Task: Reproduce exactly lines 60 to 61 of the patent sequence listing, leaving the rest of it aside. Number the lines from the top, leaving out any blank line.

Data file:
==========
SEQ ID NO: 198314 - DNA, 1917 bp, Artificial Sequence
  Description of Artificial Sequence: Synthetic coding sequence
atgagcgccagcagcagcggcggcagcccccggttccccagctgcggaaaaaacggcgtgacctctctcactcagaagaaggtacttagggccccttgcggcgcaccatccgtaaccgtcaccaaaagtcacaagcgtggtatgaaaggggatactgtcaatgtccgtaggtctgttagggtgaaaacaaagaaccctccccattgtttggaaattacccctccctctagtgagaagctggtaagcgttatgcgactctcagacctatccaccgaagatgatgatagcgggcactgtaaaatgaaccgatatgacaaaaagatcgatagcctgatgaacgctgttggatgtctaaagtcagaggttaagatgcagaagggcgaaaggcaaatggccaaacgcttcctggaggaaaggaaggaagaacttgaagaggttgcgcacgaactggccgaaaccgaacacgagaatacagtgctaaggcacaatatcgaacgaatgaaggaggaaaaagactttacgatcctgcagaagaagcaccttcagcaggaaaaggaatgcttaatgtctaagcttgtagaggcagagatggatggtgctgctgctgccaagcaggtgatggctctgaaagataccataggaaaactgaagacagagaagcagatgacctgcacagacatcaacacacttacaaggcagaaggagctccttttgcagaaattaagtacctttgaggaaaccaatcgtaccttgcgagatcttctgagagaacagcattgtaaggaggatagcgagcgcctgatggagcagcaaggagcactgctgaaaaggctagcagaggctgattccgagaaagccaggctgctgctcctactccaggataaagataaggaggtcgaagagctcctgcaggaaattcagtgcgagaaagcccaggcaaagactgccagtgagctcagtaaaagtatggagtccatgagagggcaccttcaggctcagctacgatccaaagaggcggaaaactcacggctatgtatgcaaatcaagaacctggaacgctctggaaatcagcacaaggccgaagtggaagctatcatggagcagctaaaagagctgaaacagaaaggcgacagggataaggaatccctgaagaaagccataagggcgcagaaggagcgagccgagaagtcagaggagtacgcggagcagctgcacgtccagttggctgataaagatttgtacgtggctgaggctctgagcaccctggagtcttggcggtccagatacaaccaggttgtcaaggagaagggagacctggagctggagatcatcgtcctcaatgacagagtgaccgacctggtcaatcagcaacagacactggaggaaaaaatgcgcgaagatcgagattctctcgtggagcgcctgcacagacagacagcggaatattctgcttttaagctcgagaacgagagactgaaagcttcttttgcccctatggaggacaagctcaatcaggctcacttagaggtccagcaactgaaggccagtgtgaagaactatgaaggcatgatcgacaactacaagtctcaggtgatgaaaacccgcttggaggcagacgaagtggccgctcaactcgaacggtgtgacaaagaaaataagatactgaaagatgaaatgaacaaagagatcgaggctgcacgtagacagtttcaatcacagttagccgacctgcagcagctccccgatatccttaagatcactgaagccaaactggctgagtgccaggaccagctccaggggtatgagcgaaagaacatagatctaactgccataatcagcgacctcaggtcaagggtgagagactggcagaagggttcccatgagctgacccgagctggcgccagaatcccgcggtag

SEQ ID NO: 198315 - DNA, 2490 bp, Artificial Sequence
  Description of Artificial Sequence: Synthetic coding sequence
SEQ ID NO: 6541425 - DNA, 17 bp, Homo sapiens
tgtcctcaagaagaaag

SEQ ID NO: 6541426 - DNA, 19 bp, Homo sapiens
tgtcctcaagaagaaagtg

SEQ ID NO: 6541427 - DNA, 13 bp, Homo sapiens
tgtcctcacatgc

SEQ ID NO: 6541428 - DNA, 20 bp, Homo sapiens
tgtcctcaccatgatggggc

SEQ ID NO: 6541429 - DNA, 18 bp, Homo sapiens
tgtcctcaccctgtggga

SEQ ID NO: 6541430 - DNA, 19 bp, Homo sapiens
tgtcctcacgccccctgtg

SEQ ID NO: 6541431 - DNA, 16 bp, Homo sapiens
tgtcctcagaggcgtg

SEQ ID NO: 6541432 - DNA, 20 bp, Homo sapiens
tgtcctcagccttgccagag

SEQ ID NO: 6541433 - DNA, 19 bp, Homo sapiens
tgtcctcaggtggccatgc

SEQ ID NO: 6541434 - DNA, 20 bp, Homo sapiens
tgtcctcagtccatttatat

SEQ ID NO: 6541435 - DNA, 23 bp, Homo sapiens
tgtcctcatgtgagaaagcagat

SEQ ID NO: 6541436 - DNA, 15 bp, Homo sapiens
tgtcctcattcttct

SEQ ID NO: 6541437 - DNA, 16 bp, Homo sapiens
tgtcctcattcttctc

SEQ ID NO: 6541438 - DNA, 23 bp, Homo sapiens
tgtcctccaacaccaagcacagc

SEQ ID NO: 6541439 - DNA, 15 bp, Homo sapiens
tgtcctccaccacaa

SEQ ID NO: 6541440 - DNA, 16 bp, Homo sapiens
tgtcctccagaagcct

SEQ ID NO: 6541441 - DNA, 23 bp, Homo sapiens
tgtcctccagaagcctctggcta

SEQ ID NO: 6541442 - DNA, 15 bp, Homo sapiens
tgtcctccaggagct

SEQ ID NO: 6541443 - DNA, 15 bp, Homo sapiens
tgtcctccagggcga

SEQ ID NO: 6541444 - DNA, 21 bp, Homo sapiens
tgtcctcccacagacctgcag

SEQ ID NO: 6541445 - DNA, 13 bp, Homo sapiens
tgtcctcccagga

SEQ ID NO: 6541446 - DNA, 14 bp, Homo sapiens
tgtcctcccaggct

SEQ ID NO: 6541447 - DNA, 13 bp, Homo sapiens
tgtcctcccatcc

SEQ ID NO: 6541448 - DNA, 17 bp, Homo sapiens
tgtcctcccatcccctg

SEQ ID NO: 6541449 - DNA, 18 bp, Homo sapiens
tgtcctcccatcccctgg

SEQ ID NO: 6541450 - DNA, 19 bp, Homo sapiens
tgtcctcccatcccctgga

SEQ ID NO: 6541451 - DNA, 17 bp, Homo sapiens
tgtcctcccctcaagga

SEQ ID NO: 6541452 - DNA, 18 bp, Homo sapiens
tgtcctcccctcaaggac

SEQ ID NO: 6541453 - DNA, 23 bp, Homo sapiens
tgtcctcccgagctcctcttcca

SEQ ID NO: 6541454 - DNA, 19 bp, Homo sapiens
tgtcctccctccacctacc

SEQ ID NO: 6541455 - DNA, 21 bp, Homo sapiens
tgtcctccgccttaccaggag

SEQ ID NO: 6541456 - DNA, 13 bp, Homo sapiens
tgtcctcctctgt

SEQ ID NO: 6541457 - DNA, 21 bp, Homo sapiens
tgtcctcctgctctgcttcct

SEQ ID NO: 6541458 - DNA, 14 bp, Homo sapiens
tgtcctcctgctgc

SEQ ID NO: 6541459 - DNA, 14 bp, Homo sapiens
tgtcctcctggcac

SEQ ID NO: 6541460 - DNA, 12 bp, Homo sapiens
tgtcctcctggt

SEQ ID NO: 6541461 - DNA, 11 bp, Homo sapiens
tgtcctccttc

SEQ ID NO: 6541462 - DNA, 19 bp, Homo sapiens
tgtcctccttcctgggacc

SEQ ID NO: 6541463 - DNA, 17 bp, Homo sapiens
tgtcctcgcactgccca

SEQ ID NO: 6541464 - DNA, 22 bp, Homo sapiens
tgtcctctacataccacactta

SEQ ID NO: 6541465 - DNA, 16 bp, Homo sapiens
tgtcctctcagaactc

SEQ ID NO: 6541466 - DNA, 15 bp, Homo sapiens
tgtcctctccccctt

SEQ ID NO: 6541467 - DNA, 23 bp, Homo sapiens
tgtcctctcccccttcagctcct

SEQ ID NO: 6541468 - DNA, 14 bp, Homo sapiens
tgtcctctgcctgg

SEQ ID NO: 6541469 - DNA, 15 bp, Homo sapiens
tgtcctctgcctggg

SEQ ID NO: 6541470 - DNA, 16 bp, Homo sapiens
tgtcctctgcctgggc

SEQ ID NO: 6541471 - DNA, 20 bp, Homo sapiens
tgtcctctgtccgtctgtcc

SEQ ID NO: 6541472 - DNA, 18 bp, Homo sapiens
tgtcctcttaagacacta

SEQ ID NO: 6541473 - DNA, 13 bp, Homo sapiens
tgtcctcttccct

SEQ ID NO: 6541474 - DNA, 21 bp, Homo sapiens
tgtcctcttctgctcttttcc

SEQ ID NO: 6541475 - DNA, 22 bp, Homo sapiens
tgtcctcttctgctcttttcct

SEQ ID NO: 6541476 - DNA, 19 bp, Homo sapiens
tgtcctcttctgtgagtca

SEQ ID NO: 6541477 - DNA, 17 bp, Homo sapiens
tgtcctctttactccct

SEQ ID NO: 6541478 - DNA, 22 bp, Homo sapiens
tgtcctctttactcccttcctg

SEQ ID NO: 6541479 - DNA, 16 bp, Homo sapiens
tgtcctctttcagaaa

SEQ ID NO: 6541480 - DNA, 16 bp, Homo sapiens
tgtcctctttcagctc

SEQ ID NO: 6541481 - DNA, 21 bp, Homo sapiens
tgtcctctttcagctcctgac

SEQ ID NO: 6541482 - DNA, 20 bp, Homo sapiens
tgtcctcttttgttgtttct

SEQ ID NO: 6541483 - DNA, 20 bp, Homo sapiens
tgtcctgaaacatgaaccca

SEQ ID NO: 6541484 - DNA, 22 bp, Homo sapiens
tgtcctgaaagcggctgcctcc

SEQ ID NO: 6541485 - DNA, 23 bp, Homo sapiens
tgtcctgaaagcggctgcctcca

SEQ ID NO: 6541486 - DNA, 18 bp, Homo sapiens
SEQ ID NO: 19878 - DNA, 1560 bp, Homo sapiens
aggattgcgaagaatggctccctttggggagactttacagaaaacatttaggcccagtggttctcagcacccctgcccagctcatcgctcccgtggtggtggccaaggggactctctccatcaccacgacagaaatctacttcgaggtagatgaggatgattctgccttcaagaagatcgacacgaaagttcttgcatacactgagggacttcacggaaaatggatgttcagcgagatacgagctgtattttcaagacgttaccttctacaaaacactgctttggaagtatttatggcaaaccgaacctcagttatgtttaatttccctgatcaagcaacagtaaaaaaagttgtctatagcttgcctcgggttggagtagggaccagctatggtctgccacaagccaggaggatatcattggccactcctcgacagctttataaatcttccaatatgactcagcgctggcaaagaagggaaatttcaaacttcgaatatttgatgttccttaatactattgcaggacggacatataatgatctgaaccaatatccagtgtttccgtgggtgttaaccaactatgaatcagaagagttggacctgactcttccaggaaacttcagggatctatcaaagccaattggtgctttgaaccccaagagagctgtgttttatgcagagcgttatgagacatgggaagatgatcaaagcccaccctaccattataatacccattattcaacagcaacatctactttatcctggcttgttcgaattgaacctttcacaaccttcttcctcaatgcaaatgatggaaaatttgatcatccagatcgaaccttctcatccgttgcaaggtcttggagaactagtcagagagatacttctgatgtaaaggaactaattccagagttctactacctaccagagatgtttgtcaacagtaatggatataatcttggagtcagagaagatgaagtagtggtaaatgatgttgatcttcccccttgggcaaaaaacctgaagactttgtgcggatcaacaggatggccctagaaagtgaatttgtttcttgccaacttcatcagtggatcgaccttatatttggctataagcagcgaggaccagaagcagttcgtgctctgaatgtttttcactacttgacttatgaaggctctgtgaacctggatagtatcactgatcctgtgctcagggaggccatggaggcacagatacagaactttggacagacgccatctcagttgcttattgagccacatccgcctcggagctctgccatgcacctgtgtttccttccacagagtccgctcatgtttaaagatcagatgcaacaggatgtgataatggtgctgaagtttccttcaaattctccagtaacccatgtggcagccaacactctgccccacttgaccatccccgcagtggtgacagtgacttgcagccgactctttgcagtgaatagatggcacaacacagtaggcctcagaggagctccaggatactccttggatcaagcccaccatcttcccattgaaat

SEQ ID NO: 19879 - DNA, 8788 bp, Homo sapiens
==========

SEQ ID NO: 6541452 - DNA, 18 bp, Homo sapiens
tgtcctcccctcaaggac